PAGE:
San Francisco Rental Market Shows Signs Of Cracking Under Pressure Of Excess Supply

Luxury apartment buildings in San Francisco are starting to offer some pretty serious incentives as America's most expensive rental market shows more signs it's on the verge of cracking.  Excess supply of luxury apartments in San Francisco is putting serious downward pressure on rental rates as pointed out by Yahoo Finance:

“Listings that once rented in just two to three weeks can now take two to three months to rent,” explains Paul Hwang, principal broker at Skybox Realty, a San Francisco-based real estate agency.


At least four new apartment buildings have opened within a three-block radius of one another during the last 18 months in San Francisco’s thriving South of Market neighborhood, which is home to major tech companies like Airbnb, Pinterest and Yelp (YELP).


Those four buildings — Jasper, 340 Fremont, 399 Fremont and Solaire — frequently offer some sort of bargain for prospective renters. 340 Fremont is offering six weeks of free rent; Solaire is pitching four weeks of free rent, free on-site storage and $1,000 discounts to renters who work at tech companies like Apple (AAPL), Facebook (FB) and Yahoo (YHOO). Meanwhile, another building, 399 Fremont, even tried giving away free bikes one weekend.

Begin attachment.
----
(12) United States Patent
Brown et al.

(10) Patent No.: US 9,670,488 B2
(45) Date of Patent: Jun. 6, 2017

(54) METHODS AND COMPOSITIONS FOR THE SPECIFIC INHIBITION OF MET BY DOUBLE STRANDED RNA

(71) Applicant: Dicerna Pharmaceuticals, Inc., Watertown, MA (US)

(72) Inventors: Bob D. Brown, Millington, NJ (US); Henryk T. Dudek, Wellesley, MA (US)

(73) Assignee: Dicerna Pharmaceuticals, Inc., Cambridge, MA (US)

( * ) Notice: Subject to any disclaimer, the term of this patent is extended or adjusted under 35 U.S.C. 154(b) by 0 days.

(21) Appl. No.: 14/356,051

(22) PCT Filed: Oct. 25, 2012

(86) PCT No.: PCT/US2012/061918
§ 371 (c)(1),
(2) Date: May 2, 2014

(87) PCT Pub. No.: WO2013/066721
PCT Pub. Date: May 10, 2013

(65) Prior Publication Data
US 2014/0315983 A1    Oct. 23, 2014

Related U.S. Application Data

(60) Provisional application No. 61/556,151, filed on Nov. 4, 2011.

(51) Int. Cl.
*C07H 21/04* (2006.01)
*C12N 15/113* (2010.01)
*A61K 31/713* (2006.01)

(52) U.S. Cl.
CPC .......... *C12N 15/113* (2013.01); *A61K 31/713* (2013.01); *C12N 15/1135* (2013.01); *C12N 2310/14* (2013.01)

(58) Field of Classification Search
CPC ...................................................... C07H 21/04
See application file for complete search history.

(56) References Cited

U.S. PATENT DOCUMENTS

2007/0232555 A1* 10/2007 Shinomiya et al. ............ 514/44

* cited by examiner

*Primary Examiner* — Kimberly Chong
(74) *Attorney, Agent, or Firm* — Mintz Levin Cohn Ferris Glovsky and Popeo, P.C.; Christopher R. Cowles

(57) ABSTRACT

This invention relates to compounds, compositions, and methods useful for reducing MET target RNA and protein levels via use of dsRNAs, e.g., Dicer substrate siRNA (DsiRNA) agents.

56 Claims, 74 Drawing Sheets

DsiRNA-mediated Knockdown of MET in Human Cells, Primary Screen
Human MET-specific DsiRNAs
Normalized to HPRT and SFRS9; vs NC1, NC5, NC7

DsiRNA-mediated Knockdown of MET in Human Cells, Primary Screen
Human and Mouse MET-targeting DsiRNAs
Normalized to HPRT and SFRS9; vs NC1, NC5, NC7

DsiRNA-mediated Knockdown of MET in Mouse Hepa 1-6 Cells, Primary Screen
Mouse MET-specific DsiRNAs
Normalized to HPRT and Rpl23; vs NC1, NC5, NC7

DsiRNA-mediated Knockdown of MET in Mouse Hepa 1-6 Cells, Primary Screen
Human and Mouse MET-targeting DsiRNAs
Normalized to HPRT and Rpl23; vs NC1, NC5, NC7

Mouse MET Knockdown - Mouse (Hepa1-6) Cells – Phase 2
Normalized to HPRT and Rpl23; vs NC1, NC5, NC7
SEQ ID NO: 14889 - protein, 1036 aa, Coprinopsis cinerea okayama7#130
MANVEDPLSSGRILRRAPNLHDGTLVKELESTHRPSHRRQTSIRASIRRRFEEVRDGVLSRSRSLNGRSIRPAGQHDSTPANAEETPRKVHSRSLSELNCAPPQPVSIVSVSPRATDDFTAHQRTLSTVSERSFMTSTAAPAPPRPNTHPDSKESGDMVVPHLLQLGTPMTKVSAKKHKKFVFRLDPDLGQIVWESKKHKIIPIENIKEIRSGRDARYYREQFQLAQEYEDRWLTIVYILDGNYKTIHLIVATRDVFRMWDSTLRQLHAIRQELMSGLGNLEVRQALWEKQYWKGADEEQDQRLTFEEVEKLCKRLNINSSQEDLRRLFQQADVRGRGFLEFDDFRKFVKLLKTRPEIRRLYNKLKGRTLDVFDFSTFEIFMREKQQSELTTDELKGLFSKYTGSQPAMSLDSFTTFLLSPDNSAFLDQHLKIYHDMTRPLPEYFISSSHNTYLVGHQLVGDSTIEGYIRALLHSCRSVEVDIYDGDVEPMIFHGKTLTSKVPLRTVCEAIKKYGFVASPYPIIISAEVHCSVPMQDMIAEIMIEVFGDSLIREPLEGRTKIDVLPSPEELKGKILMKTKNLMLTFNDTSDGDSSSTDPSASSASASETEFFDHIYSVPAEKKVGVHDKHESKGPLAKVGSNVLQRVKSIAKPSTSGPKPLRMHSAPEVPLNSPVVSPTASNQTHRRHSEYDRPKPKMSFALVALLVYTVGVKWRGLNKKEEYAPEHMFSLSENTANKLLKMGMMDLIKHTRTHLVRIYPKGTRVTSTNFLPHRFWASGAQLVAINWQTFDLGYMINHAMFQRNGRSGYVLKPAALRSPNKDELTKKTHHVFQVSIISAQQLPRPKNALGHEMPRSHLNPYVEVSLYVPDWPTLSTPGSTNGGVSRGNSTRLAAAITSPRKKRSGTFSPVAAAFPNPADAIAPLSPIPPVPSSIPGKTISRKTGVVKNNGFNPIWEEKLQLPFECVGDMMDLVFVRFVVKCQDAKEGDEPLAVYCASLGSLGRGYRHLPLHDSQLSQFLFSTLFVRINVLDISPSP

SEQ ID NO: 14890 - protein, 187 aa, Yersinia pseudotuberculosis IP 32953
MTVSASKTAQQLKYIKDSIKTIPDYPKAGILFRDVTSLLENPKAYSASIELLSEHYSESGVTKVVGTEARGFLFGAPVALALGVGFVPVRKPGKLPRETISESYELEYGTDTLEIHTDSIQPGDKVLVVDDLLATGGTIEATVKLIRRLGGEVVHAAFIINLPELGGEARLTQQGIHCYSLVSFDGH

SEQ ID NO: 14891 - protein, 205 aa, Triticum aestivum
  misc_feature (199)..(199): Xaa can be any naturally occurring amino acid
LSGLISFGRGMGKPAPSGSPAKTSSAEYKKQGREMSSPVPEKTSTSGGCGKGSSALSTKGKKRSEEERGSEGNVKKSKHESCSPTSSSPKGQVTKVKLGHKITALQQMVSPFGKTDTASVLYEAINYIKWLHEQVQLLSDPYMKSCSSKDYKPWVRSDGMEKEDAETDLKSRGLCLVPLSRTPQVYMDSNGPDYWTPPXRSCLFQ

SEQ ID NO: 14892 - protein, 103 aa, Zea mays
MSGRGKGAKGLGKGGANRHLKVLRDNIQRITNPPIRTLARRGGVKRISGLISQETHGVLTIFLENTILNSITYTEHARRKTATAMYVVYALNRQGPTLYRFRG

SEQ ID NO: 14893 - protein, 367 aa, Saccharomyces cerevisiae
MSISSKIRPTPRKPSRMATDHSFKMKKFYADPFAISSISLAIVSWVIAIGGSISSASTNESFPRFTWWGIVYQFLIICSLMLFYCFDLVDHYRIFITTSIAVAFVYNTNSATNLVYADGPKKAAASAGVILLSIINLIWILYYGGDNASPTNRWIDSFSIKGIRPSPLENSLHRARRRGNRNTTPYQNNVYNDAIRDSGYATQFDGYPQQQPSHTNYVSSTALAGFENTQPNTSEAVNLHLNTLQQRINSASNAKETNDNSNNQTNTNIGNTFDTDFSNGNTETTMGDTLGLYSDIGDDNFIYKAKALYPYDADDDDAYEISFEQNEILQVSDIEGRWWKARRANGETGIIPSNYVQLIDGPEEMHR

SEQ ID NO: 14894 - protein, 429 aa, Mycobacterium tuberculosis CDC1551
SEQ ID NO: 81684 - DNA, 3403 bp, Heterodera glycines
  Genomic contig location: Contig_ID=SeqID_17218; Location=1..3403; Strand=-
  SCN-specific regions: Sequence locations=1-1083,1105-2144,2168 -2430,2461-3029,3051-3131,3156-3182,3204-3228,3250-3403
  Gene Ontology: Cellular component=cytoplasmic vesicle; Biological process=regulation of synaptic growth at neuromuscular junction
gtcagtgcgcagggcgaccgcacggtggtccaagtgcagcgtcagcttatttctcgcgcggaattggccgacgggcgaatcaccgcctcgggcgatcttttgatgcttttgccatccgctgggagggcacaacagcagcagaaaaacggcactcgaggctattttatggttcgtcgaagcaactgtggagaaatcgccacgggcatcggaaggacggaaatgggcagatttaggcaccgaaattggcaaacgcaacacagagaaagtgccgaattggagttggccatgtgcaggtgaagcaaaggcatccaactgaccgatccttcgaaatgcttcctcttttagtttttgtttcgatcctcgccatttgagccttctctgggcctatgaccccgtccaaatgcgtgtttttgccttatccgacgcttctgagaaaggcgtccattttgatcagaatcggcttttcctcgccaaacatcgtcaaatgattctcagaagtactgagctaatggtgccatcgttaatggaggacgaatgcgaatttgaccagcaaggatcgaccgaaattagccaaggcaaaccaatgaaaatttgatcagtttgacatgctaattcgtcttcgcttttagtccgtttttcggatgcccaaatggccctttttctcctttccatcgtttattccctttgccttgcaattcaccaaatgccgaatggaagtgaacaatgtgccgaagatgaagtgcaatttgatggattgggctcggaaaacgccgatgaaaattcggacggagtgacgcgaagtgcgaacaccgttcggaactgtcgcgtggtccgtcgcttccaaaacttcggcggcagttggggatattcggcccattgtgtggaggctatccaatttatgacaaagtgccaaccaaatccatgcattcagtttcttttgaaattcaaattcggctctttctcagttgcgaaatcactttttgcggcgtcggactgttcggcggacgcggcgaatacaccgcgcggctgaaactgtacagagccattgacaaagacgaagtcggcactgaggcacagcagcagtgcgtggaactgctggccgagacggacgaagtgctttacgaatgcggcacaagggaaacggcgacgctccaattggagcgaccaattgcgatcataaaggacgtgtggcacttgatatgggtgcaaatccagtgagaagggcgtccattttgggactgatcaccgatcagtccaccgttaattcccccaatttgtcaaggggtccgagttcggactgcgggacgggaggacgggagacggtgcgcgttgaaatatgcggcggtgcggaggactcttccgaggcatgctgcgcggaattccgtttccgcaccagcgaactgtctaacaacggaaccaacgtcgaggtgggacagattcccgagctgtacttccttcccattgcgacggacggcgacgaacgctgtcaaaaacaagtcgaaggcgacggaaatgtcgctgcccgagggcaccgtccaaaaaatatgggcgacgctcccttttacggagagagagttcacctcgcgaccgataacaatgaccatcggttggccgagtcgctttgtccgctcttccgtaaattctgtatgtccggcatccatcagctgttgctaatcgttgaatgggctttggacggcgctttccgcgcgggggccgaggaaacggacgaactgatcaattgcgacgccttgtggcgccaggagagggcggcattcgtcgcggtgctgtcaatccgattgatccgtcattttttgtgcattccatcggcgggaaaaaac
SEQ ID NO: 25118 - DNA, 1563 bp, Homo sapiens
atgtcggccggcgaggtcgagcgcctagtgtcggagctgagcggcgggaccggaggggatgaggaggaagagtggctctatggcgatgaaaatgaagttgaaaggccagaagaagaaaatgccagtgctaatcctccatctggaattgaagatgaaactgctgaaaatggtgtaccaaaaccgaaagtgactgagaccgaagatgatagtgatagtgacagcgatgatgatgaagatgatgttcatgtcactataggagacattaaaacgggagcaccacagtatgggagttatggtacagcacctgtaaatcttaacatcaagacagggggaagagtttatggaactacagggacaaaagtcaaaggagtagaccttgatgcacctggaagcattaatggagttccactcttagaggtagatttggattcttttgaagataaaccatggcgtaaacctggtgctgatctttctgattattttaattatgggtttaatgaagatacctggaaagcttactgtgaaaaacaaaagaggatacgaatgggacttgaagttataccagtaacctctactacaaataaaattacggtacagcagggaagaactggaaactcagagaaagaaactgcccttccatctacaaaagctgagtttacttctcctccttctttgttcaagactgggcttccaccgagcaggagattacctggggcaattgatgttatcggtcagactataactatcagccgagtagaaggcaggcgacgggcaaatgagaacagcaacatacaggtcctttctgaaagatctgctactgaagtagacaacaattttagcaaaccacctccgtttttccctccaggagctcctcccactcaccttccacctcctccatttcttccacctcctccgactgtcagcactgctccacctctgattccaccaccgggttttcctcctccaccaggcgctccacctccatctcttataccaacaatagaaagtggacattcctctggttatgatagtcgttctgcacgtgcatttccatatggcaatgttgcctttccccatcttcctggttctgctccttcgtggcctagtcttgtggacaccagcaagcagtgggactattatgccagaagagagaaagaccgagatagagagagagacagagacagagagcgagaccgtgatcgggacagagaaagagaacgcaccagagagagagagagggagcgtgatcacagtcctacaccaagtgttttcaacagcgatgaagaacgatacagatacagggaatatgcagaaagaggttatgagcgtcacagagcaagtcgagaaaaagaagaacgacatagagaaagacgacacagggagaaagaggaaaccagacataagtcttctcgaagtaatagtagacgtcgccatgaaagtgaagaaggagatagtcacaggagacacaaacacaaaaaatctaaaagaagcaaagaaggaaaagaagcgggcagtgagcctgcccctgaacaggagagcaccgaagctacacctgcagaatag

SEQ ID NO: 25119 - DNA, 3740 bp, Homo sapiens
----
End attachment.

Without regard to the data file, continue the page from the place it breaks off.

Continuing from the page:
New buildings aren't the only ones offering incentives.  Craigslist is also flooded with listings like the one below offering free rent and a $500 gift card to interested renters.


Incentives are starting to show up in the data as well.  According to Zillow, YoY growth of rental rates turned negative for the first time in June...  

SF Median Rents


As supply is set to skyrocket...

SF Housing Units


And employment levels are peaking...

SF Employment

As we've warned multiple times, the San Francisco real estate market is on the verge of imploding.  Given the perfect storm of rising housing supply and peaking employment, we're afraid that even a $0 down, 30-year, adjustable-rate, jumbo mortgage backed by illiquid stock options from the San Francisco Federal Credit Union won't be able to save the day.